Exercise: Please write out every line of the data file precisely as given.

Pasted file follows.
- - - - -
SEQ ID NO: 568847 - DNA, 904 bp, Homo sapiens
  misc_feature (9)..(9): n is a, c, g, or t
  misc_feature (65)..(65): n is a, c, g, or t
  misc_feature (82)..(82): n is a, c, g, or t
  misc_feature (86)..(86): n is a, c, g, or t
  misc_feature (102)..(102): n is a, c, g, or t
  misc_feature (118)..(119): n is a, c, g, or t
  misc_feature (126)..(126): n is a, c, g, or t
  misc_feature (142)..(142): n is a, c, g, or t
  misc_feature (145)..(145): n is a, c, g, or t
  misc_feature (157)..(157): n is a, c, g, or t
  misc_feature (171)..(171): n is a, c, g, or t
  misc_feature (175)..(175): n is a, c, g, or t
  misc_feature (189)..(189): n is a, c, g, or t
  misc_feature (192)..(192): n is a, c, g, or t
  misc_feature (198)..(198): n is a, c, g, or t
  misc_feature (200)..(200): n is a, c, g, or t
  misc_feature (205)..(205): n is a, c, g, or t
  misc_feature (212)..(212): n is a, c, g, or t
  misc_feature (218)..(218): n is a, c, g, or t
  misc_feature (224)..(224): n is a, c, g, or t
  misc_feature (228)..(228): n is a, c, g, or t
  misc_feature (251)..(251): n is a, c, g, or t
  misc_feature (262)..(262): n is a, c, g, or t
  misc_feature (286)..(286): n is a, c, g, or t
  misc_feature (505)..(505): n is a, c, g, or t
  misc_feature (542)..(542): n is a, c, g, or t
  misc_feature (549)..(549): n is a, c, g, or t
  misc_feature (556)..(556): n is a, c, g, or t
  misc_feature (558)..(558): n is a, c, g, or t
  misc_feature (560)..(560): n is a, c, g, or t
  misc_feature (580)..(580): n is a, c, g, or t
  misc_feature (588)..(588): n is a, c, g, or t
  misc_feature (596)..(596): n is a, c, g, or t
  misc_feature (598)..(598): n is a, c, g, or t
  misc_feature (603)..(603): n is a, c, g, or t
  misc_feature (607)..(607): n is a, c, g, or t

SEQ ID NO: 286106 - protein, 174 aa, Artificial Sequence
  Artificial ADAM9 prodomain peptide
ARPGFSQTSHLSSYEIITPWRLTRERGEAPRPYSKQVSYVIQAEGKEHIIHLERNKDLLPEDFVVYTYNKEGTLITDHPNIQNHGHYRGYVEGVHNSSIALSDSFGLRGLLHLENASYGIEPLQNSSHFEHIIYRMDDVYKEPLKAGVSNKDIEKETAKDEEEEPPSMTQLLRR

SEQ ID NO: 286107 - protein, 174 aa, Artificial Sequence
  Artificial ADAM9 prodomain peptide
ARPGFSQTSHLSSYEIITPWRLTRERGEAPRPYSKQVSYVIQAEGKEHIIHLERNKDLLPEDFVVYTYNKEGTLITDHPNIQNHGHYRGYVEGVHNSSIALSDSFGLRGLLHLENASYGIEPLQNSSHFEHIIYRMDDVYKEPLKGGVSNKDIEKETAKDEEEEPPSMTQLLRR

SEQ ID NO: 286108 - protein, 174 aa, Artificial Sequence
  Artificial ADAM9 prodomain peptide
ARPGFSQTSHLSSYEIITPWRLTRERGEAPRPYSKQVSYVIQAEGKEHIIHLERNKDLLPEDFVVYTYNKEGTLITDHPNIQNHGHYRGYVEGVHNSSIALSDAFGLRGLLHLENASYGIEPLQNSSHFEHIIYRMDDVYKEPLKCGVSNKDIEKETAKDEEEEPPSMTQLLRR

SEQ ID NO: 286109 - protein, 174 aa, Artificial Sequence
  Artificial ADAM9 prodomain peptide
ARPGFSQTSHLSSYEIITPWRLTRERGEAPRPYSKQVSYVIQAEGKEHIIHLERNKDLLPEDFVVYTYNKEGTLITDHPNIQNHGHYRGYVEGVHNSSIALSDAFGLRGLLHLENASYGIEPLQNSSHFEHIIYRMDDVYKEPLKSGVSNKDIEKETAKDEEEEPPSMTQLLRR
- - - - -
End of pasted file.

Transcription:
SEQ ID NO: 568847 - DNA, 904 bp, Homo sapiens
  misc_feature (9)..(9): n is a, c, g, or t
  misc_feature (65)..(65): n is a, c, g, or t
  misc_feature (82)..(82): n is a, c, g, or t
  misc_feature (86)..(86): n is a, c, g, or t
  misc_feature (102)..(102): n is a, c, g, or t
  misc_feature (118)..(119): n is a, c, g, or t
  misc_feature (126)..(126): n is a, c, g, or t
  misc_feature (142)..(142): n is a, c, g, or t
  misc_feature (145)..(145): n is a, c, g, or t
  misc_feature (157)..(157): n is a, c, g, or t
  misc_feature (171)..(171): n is a, c, g, or t
  misc_feature (175)..(175): n is a, c, g, or t
  misc_feature (189)..(189): n is a, c, g, or t
  misc_feature (192)..(192): n is a, c, g, or t
  misc_feature (198)..(198): n is a, c, g, or t
  misc_feature (200)..(200): n is a, c, g, or t
  misc_feature (205)..(205): n is a, c, g, or t
  misc_feature (212)..(212): n is a, c, g, or t
  misc_feature (218)..(218): n is a, c, g, or t
  misc_feature (224)..(224): n is a, c, g, or t
  misc_feature (228)..(228): n is a, c, g, or t
  misc_feature (251)..(251): n is a, c, g, or t
  misc_feature (262)..(262): n is a, c, g, or t
  misc_feature (286)..(286): n is a, c, g, or t
  misc_feature (505)..(505): n is a, c, g, or t
  misc_feature (542)..(542): n is a, c, g, or t
  misc_feature (549)..(549): n is a, c, g, or t
  misc_feature (556)..(556): n is a, c, g, or t
  misc_feature (558)..(558): n is a, c, g, or t
  misc_feature (560)..(560): n is a, c, g, or t
  misc_feature (580)..(580): n is a, c, g, or t
  misc_feature (588)..(588): n is a, c, g, or t
  misc_feature (596)..(596): n is a, c, g, or t
  misc_feature (598)..(598): n is a, c, g, or t
  misc_feature (603)..(603): n is a, c, g, or t
  misc_feature (607)..(607): n is a, c, g, or t

SEQ ID NO: 286106 - protein, 174 aa, Artificial Sequence
  Artificial ADAM9 prodomain peptide
ARPGFSQTSHLSSYEIITPWRLTRERGEAPRPYSKQVSYVIQAEGKEHIIHLERNKDLLPEDFVVYTYNKEGTLITDHPNIQNHGHYRGYVEGVHNSSIALSDSFGLRGLLHLENASYGIEPLQNSSHFEHIIYRMDDVYKEPLKAGVSNKDIEKETAKDEEEEPPSMTQLLRR

SEQ ID NO: 286107 - protein, 174 aa, Artificial Sequence
  Artificial ADAM9 prodomain peptide
ARPGFSQTSHLSSYEIITPWRLTRERGEAPRPYSKQVSYVIQAEGKEHIIHLERNKDLLPEDFVVYTYNKEGTLITDHPNIQNHGHYRGYVEGVHNSSIALSDSFGLRGLLHLENASYGIEPLQNSSHFEHIIYRMDDVYKEPLKGGVSNKDIEKETAKDEEEEPPSMTQLLRR

SEQ ID NO: 286108 - protein, 174 aa, Artificial Sequence
  Artificial ADAM9 prodomain peptide
ARPGFSQTSHLSSYEIITPWRLTRERGEAPRPYSKQVSYVIQAEGKEHIIHLERNKDLLPEDFVVYTYNKEGTLITDHPNIQNHGHYRGYVEGVHNSSIALSDAFGLRGLLHLENASYGIEPLQNSSHFEHIIYRMDDVYKEPLKCGVSNKDIEKETAKDEEEEPPSMTQLLRR

SEQ ID NO: 286109 - protein, 174 aa, Artificial Sequence
  Artificial ADAM9 prodomain peptide
ARPGFSQTSHLSSYEIITPWRLTRERGEAPRPYSKQVSYVIQAEGKEHIIHLERNKDLLPEDFVVYTYNKEGTLITDHPNIQNHGHYRGYVEGVHNSSIALSDAFGLRGLLHLENASYGIEPLQNSSHFEHIIYRMDDVYKEPLKSGVSNKDIEKETAKDEEEEPPSMTQLLRR